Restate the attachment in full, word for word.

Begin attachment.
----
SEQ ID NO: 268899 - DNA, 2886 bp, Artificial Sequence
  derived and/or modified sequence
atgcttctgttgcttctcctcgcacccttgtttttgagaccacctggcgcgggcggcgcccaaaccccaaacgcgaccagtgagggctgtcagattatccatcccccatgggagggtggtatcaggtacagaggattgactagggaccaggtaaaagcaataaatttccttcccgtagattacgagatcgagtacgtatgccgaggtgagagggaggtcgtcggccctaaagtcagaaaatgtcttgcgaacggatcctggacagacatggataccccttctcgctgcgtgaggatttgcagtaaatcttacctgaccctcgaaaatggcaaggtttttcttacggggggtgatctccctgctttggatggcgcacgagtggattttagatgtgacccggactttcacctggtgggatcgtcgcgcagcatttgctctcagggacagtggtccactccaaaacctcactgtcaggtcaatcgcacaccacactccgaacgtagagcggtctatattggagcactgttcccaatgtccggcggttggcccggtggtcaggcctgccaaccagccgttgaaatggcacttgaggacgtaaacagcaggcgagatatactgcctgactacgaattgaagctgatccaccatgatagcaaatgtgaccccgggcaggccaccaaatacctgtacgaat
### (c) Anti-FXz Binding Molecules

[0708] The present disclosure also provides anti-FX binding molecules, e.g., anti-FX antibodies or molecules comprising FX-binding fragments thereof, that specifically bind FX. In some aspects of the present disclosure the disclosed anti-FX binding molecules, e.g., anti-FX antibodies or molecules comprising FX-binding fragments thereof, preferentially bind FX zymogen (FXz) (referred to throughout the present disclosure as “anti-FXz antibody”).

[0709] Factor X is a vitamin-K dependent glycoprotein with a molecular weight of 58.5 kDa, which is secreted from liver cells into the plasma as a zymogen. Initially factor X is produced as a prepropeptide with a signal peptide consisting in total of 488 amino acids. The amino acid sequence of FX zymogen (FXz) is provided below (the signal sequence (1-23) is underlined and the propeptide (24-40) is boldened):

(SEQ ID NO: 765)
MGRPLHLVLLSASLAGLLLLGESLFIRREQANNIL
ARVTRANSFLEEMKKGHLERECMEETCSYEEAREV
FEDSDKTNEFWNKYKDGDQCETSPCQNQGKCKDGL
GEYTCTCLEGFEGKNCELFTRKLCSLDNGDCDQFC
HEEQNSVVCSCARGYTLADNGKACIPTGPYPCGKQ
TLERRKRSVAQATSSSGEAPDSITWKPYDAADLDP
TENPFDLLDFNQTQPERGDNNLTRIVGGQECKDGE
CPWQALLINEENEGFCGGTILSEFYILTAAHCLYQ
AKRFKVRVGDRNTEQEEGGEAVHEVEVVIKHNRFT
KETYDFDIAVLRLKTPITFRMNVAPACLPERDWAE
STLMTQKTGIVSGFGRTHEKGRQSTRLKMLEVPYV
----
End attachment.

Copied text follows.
SEQ ID NO: 268899 - DNA, 2886 bp, Artificial Sequence
  derived and/or modified sequence
atgcttctgttgcttctcctcgcacccttgtttttgagaccacctggcgcgggcggcgcccaaaccccaaacgcgaccagtgagggctgtcagattatccatcccccatgggagggtggtatcaggtacagaggattgactagggaccaggtaaaagcaataaatttccttcccgtagattacgagatcgagtacgtatgccgaggtgagagggaggtcgtcggccctaaagtcagaaaatgtcttgcgaacggatcctggacagacatggataccccttctcgctgcgtgaggatttgcagtaaatcttacctgaccctcgaaaatggcaaggtttttcttacggggggtgatctccctgctttggatggcgcacgagtggattttagatgtgacccggactttcacctggtgggatcgtcgcgcagcatttgctctcagggacagtggtccactccaaaacctcactgtcaggtcaatcgcacaccacactccgaacgtagagcggtctatattggagcactgttcccaatgtccggcggttggcccggtggtcaggcctgccaaccagccgttgaaatggcacttgaggacgtaaacagcaggcgagatatactgcctgactacgaattgaagctgatccaccatgatagcaaatgtgaccccgggcaggccaccaaatacctgtacgaat
### (c) Anti-FXz Binding Molecules

[0708] The present disclosure also provides anti-FX binding molecules, e.g., anti-FX antibodies or molecules comprising FX-binding fragments thereof, that specifically bind FX. In some aspects of the present disclosure the disclosed anti-FX binding molecules, e.g., anti-FX antibodies or molecules comprising FX-binding fragments thereof, preferentially bind FX zymogen (FXz) (referred to throughout the present disclosure as “anti-FXz antibody”).

[0709] Factor X is a vitamin-K dependent glycoprotein with a molecular weight of 58.5 kDa, which is secreted from liver cells into the plasma as a zymogen. Initially factor X is produced as a prepropeptide with a signal peptide consisting in total of 488 amino acids. The amino acid sequence of FX zymogen (FXz) is provided below (the signal sequence (1-23) is underlined and the propeptide (24-40) is boldened):

(SEQ ID NO: 765)
MGRPLHLVLLSASLAGLLLLGESLFIRREQANNIL
ARVTRANSFLEEMKKGHLERECMEETCSYEEAREV
FEDSDKTNEFWNKYKDGDQCETSPCQNQGKCKDGL
GEYTCTCLEGFEGKNCELFTRKLCSLDNGDCDQFC
HEEQNSVVCSCARGYTLADNGKACIPTGPYPCGKQ
TLERRKRSVAQATSSSGEAPDSITWKPYDAADLDP
TENPFDLLDFNQTQPERGDNNLTRIVGGQECKDGE
CPWQALLINEENEGFCGGTILSEFYILTAAHCLYQ
AKRFKVRVGDRNTEQEEGGEAVHEVEVVIKHNRFT
KETYDFDIAVLRLKTPITFRMNVAPACLPERDWAE
STLMTQKTGIVSGFGRTHEKGRQSTRLKMLEVPYV